On the last day of classes this year, I asked my students to tell me exactly what an artist is, and they were predictably mute.
Obviously, it's a trick question. First of all, you have to account for the fact that anyone who is good at something is awarded the title of artist. It's the ultimate compliment for a competent craftsman: "My [plumber, tailor, cannoli maker, wedding planner, etc.] is a real artist." The extent to which members of wildly different fields aspire to be considered thusly accounts for the occasional drive to add the suffix "-ist" to job titles. I play the drums, and have heard all of the drummer jokes. Other drummers, weary of listening to them, ask to be referred to as percussionists, or more rarely and weirdly, "drummists." At some point around the turn of the century, art dealers, often viewed with much distrust, began to be called "gallerists." I'm quick to point out that the addition of "-ist" did little to burnish the reputations of arsonists or rapists, but that's another subject.
And even when you've eliminated the plumber and the cannoli maker (cannoliist?) from the list, it is still perfectly impossible to come up with an encompassing definition, even if you strictly limit the scope of the attempt to a specific culture and a specific moment in history. But people still try, and I'm so glad they do - there's always a kernel, something to be used and pondered even in the most wrong-headed of attempts.
By far my favorite is the one offered by Roger Fry in "An Essay in Aesthetics," first published in the New Quarterly in 1909, and then anthologized in Vision and Design in 1920. Below is my heavily adapted and paraphrased version, which I offered to my classes after posing the question that begins this essay.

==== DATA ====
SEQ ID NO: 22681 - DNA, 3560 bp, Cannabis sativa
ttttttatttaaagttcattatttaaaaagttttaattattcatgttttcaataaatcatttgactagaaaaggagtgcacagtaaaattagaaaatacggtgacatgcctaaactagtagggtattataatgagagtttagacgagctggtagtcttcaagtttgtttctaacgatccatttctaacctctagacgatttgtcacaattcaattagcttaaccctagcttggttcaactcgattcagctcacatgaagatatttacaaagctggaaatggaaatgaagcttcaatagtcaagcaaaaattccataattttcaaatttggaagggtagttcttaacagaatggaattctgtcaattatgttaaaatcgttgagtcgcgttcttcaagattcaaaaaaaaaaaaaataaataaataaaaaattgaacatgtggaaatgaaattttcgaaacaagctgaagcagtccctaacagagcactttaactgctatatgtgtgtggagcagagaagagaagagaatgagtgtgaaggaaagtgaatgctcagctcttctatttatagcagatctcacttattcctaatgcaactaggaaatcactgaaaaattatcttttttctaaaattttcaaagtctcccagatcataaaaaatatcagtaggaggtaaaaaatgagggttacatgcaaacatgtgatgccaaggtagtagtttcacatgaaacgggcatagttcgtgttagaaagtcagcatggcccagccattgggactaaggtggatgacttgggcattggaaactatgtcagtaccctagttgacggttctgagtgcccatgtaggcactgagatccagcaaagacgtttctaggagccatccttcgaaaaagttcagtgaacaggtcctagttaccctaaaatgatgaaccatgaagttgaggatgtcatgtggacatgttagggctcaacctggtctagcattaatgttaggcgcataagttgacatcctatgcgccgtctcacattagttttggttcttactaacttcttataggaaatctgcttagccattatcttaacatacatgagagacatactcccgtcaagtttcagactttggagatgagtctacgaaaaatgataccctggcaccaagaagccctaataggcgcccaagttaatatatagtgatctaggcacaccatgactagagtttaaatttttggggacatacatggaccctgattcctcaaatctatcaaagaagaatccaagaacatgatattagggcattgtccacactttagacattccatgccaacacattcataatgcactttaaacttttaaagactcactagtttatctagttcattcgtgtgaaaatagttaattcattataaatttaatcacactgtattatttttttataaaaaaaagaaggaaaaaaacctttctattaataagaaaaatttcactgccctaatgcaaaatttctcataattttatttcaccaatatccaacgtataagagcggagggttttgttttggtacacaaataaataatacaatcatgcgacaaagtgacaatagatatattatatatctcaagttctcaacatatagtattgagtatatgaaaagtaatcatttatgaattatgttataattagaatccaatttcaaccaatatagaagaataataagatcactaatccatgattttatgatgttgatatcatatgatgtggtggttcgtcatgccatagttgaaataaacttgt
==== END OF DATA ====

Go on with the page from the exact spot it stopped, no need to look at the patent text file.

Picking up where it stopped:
If you were about to be hit by a truck or eaten by a lion, your reaction would be roughly the same as a squirrel's - you would, operating on pure instinct, try to escape death. But providing you survived, the aftermath would be quite different for you than it would for the hypothetical squirrel, who would simply go back to gathering nuts. You would tell other people about your experience. And you might invent a second lion, or change the setting. And maybe in the re-telling, you would wrestle the lion to the ground, or capture and rehabilitate him. You might invent any number of imaginative details which would take you further and further from the actual events, but would make the story more and more interesting to your listener.
This capacity is what Fry refers to as the "second life of the imagination." It's quite significant in terms of defining what makes us intrinsically human. Bears and apes can walk on two legs, dolphins and whales use what is apparently a sophisticated form of language, and beavers and bees build homes and live indoors. But there is no conclusive evidence that these, or any other animals have this capacity not only to recount experiences for others to enjoy, but to make up wholly new scenarios based on bits and pieces of experience and sensory data absorbed by the brain.
While all humans have this capacity for the second life of the imagination, some people are better than others at recounting and inventing things based on the stuff they find there. Those who show an exceptional ability to mine this data and present it in some form that others can consider and enjoy are generally referred to as artists.
I know that many will take exception to this description and point out any number of works, media, or individuals that it disqualifies. But as I stated at the outset, all attempts at definition are ultimately doomed to failure; none can be comprehensive. I still believe that it's a good idea to try, and I hope I haven't offended any gallerists, drummists, or cannoliists among my readers.